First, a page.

How To Be Your Own Private Investigator

How to be your own private investigator

How to be your own private investigator – for when someone owes you money

In order to uncover hidden income for my child maintenance tribunal and ongoing case, I had to become my own private investigator. There was no way I could afford to pay a PI, knowing that the outcome was not guaranteed, and that my son’s father would likely refuse to pay anything for as long as he possibly could.

 

Going DIY was the only way, but it did the job!

 

Guidance on online investigation…

Online stalking is nothing new, and it’s a bit unpleasant to have to do it, frankly, but when you’re forced into the situation you may have no other option. For example, you may be faced with an ex who hides their income for child maintenance evasion, and in this case, you do what you have to do. So here are some tips on how to be your own private investigator, but remember, don’t let it take over your life!

 

A handy tip before you start scrolling through page after page online

Use Ctrl+F to bring up a search box to find your desired phrase on a page!

 

Social media sites

People plaster everything all over social media, even people who have a lot to hide… it’s remarkable, really. Searching by email or username (or both, ideally) may bring up some information that may be useful. Almost every business will have social media profiles and you will often find information about events and contracts that are useful.

But what about when you need to find someone who’s using a false name, or you don’t know their username?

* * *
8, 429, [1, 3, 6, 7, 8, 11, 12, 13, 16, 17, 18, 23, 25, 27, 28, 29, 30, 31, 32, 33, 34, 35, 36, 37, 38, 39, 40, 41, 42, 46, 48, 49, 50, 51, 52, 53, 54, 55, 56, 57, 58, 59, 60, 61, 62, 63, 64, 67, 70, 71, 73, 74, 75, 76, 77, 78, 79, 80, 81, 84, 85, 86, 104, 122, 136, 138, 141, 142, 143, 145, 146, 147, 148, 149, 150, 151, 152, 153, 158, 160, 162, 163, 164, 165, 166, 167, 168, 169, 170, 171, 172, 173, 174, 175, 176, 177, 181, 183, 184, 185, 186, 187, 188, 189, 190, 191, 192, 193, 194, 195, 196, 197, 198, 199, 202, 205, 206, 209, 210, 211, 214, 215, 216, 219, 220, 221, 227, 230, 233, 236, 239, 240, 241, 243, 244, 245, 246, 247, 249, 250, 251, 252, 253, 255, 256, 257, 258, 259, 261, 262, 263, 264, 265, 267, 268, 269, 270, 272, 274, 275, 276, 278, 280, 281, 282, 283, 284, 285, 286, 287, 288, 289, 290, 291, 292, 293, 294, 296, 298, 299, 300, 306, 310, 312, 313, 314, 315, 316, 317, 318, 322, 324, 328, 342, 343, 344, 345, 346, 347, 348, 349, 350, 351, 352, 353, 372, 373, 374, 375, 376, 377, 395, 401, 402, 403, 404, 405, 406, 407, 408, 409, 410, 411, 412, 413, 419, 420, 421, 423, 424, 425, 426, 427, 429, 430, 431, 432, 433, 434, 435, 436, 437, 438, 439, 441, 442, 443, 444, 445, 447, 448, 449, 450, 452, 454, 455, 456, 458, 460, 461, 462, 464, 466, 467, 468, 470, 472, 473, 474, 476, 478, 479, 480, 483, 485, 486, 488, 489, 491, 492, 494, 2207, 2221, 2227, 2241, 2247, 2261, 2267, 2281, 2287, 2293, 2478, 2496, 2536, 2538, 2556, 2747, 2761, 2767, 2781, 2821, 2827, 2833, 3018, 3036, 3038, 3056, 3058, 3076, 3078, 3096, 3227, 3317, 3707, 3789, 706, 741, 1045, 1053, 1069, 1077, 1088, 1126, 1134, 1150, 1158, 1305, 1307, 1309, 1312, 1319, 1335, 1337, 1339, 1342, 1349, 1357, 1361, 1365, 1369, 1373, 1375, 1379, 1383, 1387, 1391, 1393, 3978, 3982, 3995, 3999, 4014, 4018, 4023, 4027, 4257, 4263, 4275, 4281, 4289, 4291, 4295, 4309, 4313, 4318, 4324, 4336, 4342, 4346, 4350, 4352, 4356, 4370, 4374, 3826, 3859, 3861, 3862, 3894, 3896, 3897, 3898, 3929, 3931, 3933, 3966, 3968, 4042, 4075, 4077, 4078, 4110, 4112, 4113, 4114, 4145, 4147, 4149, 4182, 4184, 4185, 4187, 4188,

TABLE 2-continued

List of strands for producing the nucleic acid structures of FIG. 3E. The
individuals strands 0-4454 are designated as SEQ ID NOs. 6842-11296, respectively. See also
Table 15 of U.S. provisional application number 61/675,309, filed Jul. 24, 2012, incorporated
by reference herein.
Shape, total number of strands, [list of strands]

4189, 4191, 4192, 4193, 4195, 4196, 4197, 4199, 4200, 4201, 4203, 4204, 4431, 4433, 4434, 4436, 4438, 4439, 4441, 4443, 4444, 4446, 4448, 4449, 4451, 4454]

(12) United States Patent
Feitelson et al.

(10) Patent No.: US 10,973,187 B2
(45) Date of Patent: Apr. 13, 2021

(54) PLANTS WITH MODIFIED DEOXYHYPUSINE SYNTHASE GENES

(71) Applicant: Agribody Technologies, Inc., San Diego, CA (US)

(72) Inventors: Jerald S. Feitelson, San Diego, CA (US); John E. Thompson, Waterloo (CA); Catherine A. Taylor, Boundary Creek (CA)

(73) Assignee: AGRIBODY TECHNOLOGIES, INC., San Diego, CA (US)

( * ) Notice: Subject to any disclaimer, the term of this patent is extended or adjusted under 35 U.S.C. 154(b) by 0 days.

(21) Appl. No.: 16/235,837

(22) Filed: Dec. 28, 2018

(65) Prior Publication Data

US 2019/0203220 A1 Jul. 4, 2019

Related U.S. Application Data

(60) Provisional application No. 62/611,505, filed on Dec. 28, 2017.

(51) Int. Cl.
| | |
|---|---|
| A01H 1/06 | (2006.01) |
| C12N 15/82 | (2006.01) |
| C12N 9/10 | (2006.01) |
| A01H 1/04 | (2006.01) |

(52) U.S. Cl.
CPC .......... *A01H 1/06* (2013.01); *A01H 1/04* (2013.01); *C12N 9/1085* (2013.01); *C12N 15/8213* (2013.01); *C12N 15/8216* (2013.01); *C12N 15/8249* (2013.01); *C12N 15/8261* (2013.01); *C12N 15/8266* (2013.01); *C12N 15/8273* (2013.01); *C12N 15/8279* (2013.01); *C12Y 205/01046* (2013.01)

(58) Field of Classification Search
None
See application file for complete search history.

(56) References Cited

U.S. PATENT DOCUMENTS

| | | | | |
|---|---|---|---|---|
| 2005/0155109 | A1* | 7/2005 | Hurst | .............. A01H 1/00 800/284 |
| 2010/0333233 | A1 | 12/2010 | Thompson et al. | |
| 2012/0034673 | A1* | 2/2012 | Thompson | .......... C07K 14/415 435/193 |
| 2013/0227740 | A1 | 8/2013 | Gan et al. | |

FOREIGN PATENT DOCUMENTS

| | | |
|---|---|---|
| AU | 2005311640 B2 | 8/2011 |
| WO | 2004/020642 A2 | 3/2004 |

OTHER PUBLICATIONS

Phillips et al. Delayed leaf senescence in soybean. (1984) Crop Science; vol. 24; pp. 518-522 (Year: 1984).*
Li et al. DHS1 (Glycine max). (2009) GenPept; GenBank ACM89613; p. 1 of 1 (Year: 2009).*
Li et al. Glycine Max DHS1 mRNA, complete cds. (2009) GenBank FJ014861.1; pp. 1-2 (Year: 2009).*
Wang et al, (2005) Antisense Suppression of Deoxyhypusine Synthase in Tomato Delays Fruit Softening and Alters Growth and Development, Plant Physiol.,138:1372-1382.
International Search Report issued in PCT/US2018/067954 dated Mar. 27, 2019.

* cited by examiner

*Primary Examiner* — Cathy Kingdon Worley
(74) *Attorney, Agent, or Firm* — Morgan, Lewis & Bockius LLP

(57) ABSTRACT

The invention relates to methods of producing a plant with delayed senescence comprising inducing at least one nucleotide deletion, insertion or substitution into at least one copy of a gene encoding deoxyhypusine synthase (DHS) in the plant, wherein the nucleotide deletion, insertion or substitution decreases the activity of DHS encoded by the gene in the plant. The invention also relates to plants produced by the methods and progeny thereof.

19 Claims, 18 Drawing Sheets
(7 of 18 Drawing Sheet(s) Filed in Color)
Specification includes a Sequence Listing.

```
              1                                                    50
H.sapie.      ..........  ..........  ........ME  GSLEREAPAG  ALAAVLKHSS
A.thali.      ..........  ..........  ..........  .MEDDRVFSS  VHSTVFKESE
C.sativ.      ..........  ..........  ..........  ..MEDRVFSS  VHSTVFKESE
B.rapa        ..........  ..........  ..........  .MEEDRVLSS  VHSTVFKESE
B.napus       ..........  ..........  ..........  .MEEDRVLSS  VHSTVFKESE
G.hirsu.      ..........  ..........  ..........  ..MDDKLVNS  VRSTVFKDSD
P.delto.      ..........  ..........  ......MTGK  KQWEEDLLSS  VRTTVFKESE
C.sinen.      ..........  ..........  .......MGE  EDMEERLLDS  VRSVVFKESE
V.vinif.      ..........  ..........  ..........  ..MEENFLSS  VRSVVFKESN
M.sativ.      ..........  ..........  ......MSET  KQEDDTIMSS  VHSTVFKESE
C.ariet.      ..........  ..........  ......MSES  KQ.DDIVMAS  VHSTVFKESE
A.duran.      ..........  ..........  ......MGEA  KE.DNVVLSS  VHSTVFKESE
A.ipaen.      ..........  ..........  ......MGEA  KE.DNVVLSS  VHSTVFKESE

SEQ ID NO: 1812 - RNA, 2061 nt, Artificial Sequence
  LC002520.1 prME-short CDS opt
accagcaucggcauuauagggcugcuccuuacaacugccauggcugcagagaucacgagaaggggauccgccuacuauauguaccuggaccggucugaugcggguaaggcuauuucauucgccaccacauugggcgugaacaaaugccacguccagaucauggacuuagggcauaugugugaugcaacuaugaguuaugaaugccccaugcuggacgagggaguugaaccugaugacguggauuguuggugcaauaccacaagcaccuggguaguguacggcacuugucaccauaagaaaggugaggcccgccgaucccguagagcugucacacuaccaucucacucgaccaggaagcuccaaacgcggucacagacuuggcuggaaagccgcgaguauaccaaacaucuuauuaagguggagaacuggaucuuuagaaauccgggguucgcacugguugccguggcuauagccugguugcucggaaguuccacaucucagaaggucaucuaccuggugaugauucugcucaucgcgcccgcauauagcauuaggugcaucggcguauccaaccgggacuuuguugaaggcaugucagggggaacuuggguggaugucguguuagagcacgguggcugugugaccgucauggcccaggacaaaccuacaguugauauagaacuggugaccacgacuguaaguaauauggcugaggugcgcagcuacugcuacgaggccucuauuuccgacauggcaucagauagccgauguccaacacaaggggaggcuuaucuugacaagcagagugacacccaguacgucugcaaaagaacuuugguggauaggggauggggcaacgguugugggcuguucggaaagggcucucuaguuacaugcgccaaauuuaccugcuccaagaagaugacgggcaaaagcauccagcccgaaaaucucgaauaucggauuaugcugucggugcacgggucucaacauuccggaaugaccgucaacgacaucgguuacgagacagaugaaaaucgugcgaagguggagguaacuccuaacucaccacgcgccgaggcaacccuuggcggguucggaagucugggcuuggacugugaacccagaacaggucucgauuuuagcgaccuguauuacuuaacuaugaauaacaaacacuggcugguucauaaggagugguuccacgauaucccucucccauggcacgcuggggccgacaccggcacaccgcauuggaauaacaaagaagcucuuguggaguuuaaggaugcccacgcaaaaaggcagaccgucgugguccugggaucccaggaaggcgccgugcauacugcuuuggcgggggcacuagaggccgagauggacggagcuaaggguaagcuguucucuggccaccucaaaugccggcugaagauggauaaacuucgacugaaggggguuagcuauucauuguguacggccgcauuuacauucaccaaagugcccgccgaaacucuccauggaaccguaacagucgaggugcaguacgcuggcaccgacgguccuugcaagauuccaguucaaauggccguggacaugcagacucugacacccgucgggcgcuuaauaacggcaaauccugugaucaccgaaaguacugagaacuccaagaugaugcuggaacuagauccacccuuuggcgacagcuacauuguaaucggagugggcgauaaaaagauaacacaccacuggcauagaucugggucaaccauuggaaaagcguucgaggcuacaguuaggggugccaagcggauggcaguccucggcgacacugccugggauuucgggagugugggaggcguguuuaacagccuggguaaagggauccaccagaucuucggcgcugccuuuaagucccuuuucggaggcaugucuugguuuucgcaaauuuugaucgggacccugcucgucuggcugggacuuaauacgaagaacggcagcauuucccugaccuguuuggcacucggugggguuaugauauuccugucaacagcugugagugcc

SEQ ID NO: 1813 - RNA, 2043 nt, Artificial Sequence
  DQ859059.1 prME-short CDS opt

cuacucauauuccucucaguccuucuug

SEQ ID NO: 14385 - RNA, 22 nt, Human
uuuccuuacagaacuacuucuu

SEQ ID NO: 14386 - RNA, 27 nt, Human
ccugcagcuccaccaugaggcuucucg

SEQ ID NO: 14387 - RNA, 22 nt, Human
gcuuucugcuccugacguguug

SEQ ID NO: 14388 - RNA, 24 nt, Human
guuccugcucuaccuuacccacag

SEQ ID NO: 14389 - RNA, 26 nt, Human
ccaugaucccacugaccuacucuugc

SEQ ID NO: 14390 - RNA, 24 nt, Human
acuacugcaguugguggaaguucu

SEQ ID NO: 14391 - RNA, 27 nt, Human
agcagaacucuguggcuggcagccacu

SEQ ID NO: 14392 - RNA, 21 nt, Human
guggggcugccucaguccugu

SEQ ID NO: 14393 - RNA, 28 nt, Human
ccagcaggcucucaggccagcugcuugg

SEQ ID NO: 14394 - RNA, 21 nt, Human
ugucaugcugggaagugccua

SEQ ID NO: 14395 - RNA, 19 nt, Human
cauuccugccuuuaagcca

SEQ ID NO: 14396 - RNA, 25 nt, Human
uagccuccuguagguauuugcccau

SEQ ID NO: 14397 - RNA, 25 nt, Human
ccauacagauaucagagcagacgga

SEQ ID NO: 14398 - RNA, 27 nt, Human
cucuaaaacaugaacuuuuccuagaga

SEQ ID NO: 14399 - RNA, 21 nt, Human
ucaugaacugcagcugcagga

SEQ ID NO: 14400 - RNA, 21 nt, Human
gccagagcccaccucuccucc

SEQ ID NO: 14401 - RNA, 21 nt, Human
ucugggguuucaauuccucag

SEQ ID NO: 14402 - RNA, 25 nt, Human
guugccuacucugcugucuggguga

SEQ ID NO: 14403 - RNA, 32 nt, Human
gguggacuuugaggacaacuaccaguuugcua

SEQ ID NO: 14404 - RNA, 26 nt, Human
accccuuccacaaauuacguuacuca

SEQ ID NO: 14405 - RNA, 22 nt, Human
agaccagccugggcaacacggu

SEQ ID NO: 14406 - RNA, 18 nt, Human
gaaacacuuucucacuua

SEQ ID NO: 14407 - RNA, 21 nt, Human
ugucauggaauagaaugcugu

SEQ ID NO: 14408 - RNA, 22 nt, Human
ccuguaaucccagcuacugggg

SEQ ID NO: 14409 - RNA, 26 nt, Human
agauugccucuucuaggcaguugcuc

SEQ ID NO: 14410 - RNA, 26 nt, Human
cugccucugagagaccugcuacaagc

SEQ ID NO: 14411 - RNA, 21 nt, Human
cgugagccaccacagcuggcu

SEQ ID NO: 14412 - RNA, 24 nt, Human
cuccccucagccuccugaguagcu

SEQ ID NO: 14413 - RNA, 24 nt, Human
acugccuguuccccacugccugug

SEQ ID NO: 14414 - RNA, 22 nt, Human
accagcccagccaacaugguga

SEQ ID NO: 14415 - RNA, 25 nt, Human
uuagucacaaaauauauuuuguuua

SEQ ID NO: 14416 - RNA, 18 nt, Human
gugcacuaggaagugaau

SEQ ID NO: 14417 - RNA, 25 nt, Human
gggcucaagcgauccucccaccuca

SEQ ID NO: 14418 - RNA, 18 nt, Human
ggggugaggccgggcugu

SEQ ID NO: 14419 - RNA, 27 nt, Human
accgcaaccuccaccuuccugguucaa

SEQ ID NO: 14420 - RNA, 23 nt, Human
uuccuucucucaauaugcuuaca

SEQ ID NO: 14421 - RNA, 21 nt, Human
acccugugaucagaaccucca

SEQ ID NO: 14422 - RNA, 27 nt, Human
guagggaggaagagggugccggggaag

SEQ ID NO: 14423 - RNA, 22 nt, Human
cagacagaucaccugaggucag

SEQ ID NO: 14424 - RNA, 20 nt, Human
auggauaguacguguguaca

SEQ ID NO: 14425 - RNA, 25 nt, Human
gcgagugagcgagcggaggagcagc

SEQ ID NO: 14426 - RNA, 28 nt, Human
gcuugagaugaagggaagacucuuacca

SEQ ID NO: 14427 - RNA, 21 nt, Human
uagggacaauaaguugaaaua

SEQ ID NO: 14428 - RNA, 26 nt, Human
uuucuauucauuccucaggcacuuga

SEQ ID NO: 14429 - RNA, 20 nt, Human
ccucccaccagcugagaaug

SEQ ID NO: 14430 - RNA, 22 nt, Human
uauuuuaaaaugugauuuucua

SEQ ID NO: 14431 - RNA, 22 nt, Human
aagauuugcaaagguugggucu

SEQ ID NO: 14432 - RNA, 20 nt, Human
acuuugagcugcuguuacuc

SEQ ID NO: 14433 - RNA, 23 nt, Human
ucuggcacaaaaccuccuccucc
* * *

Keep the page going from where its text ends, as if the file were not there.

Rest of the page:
Reverse email search

Most reverse email search engines seem to be paid-for these days; yet the information they turn up doesn’t always seem worth it. You can still use lullar.com to do a free reverse email lookup, though. I like UserSearch.org for ease of use.

 

Search social media by email and phone number

Simple enough – if you haven’t adjusted your privacy settings, you can be found on many social media sites through your phone number and/or email address.

 

Add your Gmail contacts to Twitter

This little trick lets you find the Twitter account connected to an email address. Add the email addresses you want to search for to your Gmail contacts and then, once you’ve logged in to Twitter, you can find your Gmail contacts there.

 

Uncover all of the social media profiles connected to a user name

KnowEm is a site that lets you search through multiple social media profiles to discover if a username has been registered. There are a few sites such as this, but I like this one – it’s easy to use and uncover accounts you might never have thought of.

 

 

Selling sites

eBay is a site that may provide some useful information, as it’s a favourite for turning around quick cash. You can search KnowEm for eBay usernames, but remember that anyone can earn £1000 before taxes on sites like eBay.

The eBay Advanced Search page is the place to start when you’re on the lookout for an eBay member.

 

 

Google like a pro

Go beyond Googling and ramp it up – you can use Google Advanced Search or learn a few search operators to type directly into the search box:

Let’s say, for example, I was once again searching for information on Odd Socks. I might want to try Googling:

“Odd Socks” to bring up that exact name.